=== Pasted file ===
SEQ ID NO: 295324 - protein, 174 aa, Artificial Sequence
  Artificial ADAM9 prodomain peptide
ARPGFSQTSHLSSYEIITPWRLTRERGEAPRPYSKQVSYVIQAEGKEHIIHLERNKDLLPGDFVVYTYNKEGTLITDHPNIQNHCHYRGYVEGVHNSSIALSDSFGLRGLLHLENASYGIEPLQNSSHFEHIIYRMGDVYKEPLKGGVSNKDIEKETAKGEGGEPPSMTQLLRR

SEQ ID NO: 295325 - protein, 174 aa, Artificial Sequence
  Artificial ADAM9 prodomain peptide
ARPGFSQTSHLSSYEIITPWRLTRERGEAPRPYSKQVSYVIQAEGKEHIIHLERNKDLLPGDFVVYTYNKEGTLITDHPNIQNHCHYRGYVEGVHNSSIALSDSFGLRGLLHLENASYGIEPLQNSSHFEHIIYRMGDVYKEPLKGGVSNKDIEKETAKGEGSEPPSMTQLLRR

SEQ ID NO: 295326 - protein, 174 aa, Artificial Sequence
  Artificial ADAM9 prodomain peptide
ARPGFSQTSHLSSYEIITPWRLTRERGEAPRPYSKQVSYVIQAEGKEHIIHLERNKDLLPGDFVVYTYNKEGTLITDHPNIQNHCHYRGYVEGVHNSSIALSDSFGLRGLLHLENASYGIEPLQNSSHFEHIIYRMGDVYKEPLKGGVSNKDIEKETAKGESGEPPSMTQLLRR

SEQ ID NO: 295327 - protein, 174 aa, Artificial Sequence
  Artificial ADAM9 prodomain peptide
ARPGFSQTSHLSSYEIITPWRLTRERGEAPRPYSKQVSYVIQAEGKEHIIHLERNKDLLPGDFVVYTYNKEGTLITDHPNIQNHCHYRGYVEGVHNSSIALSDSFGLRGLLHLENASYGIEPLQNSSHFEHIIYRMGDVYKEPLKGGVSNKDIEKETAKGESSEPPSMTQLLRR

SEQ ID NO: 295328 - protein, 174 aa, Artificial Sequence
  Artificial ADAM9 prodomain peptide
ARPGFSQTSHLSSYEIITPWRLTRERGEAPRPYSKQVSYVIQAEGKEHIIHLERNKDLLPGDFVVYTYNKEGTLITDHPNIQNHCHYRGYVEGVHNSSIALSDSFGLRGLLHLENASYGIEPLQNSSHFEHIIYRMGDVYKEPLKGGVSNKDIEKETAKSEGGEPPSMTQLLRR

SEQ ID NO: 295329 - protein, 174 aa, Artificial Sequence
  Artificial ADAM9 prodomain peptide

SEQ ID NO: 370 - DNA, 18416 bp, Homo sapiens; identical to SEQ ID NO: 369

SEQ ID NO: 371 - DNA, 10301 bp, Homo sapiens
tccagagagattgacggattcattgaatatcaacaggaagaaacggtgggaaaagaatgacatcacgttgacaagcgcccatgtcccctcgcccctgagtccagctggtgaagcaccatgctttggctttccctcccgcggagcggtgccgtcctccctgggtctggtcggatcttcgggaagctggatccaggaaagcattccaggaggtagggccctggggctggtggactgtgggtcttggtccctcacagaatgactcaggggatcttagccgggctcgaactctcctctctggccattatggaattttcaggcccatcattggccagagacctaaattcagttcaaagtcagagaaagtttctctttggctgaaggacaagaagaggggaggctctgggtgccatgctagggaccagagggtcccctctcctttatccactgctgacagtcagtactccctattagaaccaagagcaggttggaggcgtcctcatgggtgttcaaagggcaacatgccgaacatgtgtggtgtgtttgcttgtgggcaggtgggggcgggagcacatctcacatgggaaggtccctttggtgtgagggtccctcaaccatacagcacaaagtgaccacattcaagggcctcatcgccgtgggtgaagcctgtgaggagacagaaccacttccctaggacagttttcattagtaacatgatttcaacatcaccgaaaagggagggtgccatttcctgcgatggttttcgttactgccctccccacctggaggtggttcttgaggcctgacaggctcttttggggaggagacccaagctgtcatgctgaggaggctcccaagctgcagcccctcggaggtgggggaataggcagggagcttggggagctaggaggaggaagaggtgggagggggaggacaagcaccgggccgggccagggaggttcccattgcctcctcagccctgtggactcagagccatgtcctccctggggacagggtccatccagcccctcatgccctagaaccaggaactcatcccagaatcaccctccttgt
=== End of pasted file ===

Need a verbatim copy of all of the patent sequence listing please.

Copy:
SEQ ID NO: 295324 - protein, 174 aa, Artificial Sequence
  Artificial ADAM9 prodomain peptide
ARPGFSQTSHLSSYEIITPWRLTRERGEAPRPYSKQVSYVIQAEGKEHIIHLERNKDLLPGDFVVYTYNKEGTLITDHPNIQNHCHYRGYVEGVHNSSIALSDSFGLRGLLHLENASYGIEPLQNSSHFEHIIYRMGDVYKEPLKGGVSNKDIEKETAKGEGGEPPSMTQLLRR

SEQ ID NO: 295325 - protein, 174 aa, Artificial Sequence
  Artificial ADAM9 prodomain peptide
ARPGFSQTSHLSSYEIITPWRLTRERGEAPRPYSKQVSYVIQAEGKEHIIHLERNKDLLPGDFVVYTYNKEGTLITDHPNIQNHCHYRGYVEGVHNSSIALSDSFGLRGLLHLENASYGIEPLQNSSHFEHIIYRMGDVYKEPLKGGVSNKDIEKETAKGEGSEPPSMTQLLRR

SEQ ID NO: 295326 - protein, 174 aa, Artificial Sequence
  Artificial ADAM9 prodomain peptide
ARPGFSQTSHLSSYEIITPWRLTRERGEAPRPYSKQVSYVIQAEGKEHIIHLERNKDLLPGDFVVYTYNKEGTLITDHPNIQNHCHYRGYVEGVHNSSIALSDSFGLRGLLHLENASYGIEPLQNSSHFEHIIYRMGDVYKEPLKGGVSNKDIEKETAKGESGEPPSMTQLLRR

SEQ ID NO: 295327 - protein, 174 aa, Artificial Sequence
  Artificial ADAM9 prodomain peptide
ARPGFSQTSHLSSYEIITPWRLTRERGEAPRPYSKQVSYVIQAEGKEHIIHLERNKDLLPGDFVVYTYNKEGTLITDHPNIQNHCHYRGYVEGVHNSSIALSDSFGLRGLLHLENASYGIEPLQNSSHFEHIIYRMGDVYKEPLKGGVSNKDIEKETAKGESSEPPSMTQLLRR

SEQ ID NO: 295328 - protein, 174 aa, Artificial Sequence
  Artificial ADAM9 prodomain peptide
ARPGFSQTSHLSSYEIITPWRLTRERGEAPRPYSKQVSYVIQAEGKEHIIHLERNKDLLPGDFVVYTYNKEGTLITDHPNIQNHCHYRGYVEGVHNSSIALSDSFGLRGLLHLENASYGIEPLQNSSHFEHIIYRMGDVYKEPLKGGVSNKDIEKETAKSEGGEPPSMTQLLRR

SEQ ID NO: 295329 - protein, 174 aa, Artificial Sequence
  Artificial ADAM9 prodomain peptide

SEQ ID NO: 370 - DNA, 18416 bp, Homo sapiens; identical to SEQ ID NO: 369

SEQ ID NO: 371 - DNA, 10301 bp, Homo sapiens
tccagagagattgacggattcattgaatatcaacaggaagaaacggtgggaaaagaatgacatcacgttgacaagcgcccatgtcccctcgcccctgagtccagctggtgaagcaccatgctttggctttccctcccgcggagcggtgccgtcctccctgggtctggtcggatcttcgggaagctggatccaggaaagcattccaggaggtagggccctggggctggtggactgtgggtcttggtccctcacagaatgactcaggggatcttagccgggctcgaactctcctctctggccattatggaattttcaggcccatcattggccagagacctaaattcagttcaaagtcagagaaagtttctctttggctgaaggacaagaagaggggaggctctgggtgccatgctagggaccagagggtcccctctcctttatccactgctgacagtcagtactccctattagaaccaagagcaggttggaggcgtcctcatgggtgttcaaagggcaacatgccgaacatgtgtggtgtgtttgcttgtgggcaggtgggggcgggagcacatctcacatgggaaggtccctttggtgtgagggtccctcaaccatacagcacaaagtgaccacattcaagggcctcatcgccgtgggtgaagcctgtgaggagacagaaccacttccctaggacagttttcattagtaacatgatttcaacatcaccgaaaagggagggtgccatttcctgcgatggttttcgttactgccctccccacctggaggtggttcttgaggcctgacaggctcttttggggaggagacccaagctgtcatgctgaggaggctcccaagctgcagcccctcggaggtgggggaataggcagggagcttggggagctaggaggaggaagaggtgggagggggaggacaagcaccgggccgggccagggaggttcccattgcctcctcagccctgtggactcagagccatgtcctccctggggacagggtccatccagcccctcatgccctagaaccaggaactcatcccagaatcaccctccttgt